Samsung added some new accessibility features in One UI Watch 4.5 like color filters, reduced animations and image enhancers as well as a “fuller” typing experience and easier ways to make and receive phone calls. I didn’t really see any significant improvements in the typing and calling department, but the accessibility features are very welcome.
The Watch 5 has a ton of fitness features and improved sleep tracking, while the 5 Pro goes all in on GPX
Where the Galaxy Watch 5 and 5 Pro shine is in fitness. Samsung includes the same 3-in-1 BioActive sensor as the Watch 4 line, which combines optical heart rate, electrical heart signal and bioelectrical impedance analysis sensors into a single unit. These sensors power the features many come to expect from modern smartwatches like heart rate tracking, body composition monitoring, electrocardiogram (ECG) support and blood oxygen levels.
In practice, all of these features worked really well. Once they’re recorded by your watch, all of your health data gets transferred to the Samsung Health app, which gives you a detailed rundown of what it found. Heart rate patterns, body composition over time (including things like water weight), stress levels and more are all stored and presented in a way that’s easy to digest. There are also lots and lots of workouts you can pick from, so every activity you partake in can count toward your fitness goals.
Sleep tracking gets an upgrade with the Watch 5 series with new sleep coaching tips to help guide you to a better night’s sleep. There’s also snore detection, blood oxygen monitoring throughout the night, sleep scores and sleep stages (for tracking how much light and deep sleep you get). I used this feature a lot during my testing, and I was impressed with how much detail it picked up. I was able to see how long I was in deep sleep each night (admittedly not very much compared to my lighter sleeping habits), what my blood oxygen was like and even when I started snoring.
That feature is particularly interesting. It uses your smartphone to begin recording when it thinks you’re snoring, and there was one night where my phone picked up a 30-second clip. Recordings are deleted every 31 days automatically for security, so if you’re curious whether your snoring is particularly loud, you’ll have a month to check.
There’s also a mysterious temperature sensor on the Watch 5 that’s meant to read the temperature of your skin while you sleep, although I didn’t spot any data that alluded to that sensor being used.
All of those fitness features can be found across the Galaxy Watch 5 series, but the Watch 5 Pro is the only model that ships with the new GPS features Samsung has cooked up.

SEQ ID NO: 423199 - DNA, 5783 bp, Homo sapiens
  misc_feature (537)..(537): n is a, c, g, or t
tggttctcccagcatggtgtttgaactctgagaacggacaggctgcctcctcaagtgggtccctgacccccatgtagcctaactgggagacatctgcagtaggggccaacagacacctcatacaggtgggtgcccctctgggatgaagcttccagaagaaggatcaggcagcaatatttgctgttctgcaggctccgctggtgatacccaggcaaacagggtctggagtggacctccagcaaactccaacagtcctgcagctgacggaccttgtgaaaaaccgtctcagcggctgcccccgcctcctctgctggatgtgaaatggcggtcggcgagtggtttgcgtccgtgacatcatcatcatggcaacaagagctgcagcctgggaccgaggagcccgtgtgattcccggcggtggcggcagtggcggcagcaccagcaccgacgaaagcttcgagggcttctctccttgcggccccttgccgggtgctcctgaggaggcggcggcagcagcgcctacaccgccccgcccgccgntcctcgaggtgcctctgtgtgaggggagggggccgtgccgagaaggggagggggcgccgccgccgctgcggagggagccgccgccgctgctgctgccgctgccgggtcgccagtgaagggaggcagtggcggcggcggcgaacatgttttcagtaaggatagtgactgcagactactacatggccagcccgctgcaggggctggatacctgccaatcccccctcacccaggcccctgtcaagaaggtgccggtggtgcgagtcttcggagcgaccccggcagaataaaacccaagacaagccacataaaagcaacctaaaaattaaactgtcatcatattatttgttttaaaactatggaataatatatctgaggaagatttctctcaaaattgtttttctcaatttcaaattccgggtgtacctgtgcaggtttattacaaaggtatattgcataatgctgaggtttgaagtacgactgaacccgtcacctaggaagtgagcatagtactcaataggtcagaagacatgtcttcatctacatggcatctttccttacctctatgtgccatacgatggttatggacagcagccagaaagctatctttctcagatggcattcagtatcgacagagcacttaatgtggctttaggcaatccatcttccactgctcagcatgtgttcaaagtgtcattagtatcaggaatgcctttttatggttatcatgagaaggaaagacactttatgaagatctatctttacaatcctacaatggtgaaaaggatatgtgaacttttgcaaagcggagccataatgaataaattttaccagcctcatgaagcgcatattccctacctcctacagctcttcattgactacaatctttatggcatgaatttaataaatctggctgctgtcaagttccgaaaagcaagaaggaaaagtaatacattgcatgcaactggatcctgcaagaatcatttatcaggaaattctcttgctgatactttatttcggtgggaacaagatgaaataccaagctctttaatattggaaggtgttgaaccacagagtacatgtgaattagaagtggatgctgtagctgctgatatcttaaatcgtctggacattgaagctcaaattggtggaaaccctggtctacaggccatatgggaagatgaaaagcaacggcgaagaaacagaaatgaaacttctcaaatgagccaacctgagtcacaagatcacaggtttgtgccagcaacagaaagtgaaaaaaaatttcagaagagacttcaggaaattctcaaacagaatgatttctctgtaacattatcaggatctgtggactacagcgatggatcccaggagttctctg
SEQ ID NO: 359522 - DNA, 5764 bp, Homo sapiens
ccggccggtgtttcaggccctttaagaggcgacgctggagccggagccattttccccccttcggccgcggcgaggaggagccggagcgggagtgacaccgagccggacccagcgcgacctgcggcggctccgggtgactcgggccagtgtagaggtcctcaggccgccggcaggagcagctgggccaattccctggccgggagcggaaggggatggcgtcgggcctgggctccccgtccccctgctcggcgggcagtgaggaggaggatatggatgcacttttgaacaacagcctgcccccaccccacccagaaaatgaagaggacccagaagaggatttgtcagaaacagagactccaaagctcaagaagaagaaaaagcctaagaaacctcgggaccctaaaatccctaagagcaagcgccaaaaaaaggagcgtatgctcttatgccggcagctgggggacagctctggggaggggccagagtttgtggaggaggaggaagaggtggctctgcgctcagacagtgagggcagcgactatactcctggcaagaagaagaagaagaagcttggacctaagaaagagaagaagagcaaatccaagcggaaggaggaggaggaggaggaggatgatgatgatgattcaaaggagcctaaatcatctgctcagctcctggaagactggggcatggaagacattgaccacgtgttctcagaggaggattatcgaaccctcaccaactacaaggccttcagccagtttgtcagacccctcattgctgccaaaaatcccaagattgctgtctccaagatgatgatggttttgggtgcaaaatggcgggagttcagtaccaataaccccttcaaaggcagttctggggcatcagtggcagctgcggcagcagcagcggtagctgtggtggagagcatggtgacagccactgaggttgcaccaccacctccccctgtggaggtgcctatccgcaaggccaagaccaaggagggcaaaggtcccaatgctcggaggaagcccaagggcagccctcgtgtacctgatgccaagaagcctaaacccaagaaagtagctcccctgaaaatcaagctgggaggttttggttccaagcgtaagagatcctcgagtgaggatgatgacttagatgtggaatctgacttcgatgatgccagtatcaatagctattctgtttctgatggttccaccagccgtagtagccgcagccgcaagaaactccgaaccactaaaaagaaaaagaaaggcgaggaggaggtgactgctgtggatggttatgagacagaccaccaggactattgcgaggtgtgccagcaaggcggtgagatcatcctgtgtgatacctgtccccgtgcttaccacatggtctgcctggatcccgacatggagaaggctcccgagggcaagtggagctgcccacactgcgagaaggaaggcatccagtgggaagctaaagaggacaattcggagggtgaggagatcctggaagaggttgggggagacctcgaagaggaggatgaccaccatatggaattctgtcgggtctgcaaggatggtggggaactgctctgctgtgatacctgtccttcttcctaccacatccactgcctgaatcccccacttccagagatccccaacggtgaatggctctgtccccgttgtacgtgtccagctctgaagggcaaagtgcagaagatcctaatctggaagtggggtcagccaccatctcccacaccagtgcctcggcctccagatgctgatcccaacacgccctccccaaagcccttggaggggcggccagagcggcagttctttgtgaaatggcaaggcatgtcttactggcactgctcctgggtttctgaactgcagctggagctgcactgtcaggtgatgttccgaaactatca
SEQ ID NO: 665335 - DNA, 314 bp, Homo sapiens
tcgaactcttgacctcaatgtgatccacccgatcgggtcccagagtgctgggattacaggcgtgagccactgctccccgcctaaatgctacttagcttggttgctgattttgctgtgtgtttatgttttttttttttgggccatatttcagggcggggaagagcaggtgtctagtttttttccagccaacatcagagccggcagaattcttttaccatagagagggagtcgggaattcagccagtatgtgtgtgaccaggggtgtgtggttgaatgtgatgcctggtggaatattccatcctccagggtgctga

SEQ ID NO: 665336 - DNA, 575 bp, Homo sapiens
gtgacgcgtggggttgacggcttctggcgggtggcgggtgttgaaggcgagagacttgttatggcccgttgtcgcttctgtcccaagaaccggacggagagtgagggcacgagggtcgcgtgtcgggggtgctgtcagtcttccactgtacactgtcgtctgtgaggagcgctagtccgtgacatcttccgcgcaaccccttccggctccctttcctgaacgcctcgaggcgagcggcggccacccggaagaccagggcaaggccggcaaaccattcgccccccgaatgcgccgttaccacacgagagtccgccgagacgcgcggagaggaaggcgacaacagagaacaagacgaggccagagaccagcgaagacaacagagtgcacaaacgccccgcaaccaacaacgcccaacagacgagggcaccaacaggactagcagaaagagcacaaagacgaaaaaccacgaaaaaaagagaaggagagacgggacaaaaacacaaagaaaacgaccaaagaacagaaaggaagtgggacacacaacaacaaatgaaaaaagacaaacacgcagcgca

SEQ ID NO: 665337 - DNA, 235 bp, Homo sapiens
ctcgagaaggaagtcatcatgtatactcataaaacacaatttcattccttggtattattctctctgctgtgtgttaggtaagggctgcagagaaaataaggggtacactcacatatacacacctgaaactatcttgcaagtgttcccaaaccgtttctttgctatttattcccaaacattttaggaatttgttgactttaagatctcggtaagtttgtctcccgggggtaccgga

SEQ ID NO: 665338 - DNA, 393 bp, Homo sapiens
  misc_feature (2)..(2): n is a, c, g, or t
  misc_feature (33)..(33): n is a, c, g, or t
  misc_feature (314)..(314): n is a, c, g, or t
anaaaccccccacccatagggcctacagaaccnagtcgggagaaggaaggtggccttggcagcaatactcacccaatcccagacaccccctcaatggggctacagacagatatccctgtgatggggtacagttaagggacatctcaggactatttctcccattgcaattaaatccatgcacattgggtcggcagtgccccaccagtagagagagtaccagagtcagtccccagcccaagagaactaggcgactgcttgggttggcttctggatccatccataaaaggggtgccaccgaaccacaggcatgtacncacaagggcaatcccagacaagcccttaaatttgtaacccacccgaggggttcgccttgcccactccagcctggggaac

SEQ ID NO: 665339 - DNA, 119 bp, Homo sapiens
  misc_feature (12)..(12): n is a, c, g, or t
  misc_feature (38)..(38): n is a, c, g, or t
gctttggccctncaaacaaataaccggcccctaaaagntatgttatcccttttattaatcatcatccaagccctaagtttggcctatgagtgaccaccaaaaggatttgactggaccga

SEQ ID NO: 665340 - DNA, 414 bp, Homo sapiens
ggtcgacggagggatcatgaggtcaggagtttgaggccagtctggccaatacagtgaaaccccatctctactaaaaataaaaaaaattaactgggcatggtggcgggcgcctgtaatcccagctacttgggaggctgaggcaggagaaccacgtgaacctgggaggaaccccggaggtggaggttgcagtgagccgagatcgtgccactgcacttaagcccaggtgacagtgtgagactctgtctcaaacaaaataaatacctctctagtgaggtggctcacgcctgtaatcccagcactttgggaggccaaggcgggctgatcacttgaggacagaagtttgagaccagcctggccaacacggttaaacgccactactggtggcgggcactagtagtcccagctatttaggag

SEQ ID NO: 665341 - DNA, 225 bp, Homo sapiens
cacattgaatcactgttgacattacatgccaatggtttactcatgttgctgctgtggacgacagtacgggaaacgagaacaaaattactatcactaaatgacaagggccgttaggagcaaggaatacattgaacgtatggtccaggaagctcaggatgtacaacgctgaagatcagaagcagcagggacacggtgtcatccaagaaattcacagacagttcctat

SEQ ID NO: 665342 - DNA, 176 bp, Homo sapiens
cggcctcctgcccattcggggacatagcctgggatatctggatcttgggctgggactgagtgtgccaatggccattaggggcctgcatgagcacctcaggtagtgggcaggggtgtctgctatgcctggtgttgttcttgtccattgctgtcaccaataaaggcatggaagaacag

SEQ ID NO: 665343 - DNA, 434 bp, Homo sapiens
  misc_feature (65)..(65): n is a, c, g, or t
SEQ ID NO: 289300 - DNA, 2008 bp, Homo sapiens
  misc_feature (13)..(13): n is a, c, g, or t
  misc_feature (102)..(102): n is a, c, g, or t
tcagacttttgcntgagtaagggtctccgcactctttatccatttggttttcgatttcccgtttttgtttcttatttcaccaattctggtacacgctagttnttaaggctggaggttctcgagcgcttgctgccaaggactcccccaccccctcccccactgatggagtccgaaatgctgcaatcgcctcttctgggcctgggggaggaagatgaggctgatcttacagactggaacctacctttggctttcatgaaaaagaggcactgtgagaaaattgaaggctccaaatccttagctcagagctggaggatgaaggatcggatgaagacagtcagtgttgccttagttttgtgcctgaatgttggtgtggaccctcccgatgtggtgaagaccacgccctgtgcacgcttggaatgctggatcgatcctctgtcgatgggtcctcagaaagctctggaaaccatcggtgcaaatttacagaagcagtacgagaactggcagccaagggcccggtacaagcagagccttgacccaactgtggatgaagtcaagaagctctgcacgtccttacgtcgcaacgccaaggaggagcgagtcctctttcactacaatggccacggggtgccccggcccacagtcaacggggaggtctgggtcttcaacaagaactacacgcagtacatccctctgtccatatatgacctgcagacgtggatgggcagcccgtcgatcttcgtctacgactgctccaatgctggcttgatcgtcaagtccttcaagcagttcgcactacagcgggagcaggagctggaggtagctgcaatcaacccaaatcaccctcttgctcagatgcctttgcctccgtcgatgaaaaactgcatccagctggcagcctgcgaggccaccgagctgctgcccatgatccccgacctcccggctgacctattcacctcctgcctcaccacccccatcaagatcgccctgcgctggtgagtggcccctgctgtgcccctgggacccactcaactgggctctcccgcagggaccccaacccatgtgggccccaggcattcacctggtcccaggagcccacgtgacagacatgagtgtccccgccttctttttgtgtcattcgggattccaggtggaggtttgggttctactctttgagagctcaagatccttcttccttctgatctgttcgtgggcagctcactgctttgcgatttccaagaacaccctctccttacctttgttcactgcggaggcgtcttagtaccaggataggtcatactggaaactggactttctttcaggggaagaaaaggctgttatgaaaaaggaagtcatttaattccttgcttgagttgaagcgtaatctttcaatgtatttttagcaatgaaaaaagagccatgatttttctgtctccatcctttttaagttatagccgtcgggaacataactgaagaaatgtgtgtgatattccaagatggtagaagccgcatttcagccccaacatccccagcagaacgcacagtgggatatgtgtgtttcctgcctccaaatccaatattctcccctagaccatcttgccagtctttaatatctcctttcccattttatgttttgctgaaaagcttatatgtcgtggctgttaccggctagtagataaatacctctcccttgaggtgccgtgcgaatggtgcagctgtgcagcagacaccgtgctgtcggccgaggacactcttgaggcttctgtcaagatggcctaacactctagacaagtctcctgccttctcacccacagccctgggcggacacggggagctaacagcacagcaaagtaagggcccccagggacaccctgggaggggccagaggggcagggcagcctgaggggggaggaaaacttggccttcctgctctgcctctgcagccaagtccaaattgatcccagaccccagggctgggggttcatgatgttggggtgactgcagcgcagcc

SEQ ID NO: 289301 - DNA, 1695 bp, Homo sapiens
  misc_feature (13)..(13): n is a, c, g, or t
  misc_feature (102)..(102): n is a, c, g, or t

Specifically, the Galaxy Watch 5 Pro supports GPX, which is a type of file that can track routes, waypoints and more by recording data captured by a GPS. This lets the watch remember which route you took during a hike or cycling session — no matter how random it is — and give you turn-by-turn directions so you can get back to your starting position.
This is a combination of two new features: Route Workout and Track Back. I used Route Workout to track a bike ride around Ocean City, New Jersey, where I took random turn after random turn and detours through alleyways, doing my very best to throw the watch off. Surprise surprise, it had no issue using Track Back to tell me precisely where to go to return to my starting position. Granted, I used this feature in a very open setting instead of more common hiking and cycling areas like the woods or the side of a mountain, but I imagine this feature will work reliably in those scenarios as well.
What we didn’t like about it
The Galaxy Watch 5 Pro is too big and bulky
There’s really no two ways about it: The Galaxy Watch 5 Pro is a very polarizing smartwatch, at least in terms of design. It’s bulky, it refuses to sit flush on your wrist and anyone with a smaller wrist than mine will have a hard time keeping it in place. The added durability of the titanium body is certainly a nice advantage, but it’s clearly not meant for everyone. It would’ve been nice to see a second, smaller size offered for Watch 5 Pro customers.
Compared to the Galaxy Watch 5 Pro, I much prefer the Watch 5’s form factor. It’s a lot sleeker and minimalistic than the beefy, robust aesthetic the 5 Pro goes for. It’s much easier to use the Watch 5 every day because of that, as it tends to blend in with your daily style much easier as well as pair with different bands a bit better.
Speaking of which, I’m also not a huge fan of the band. Samsung includes its new silicon and aluminum D-Buckle sport band with a magnetic clasp, and it’s only good if it’s secure on your wrist and you don’t do anything too rigorous. It’s tricky to secure it to your wrist without having someone assist you, and the magnetic clasp can come undone pretty easily if you knock it the right way. During a kayaking session with the 5 Pro, my wrist hit the side of my boat and the magnet popped off, causing the entire watch to slide down my arm. It’s fine to use otherwise, but I wouldn’t recommend it for any sport where your wrist might constantly be knocking into things.
Performance takes a hit when Wear OS decides to act up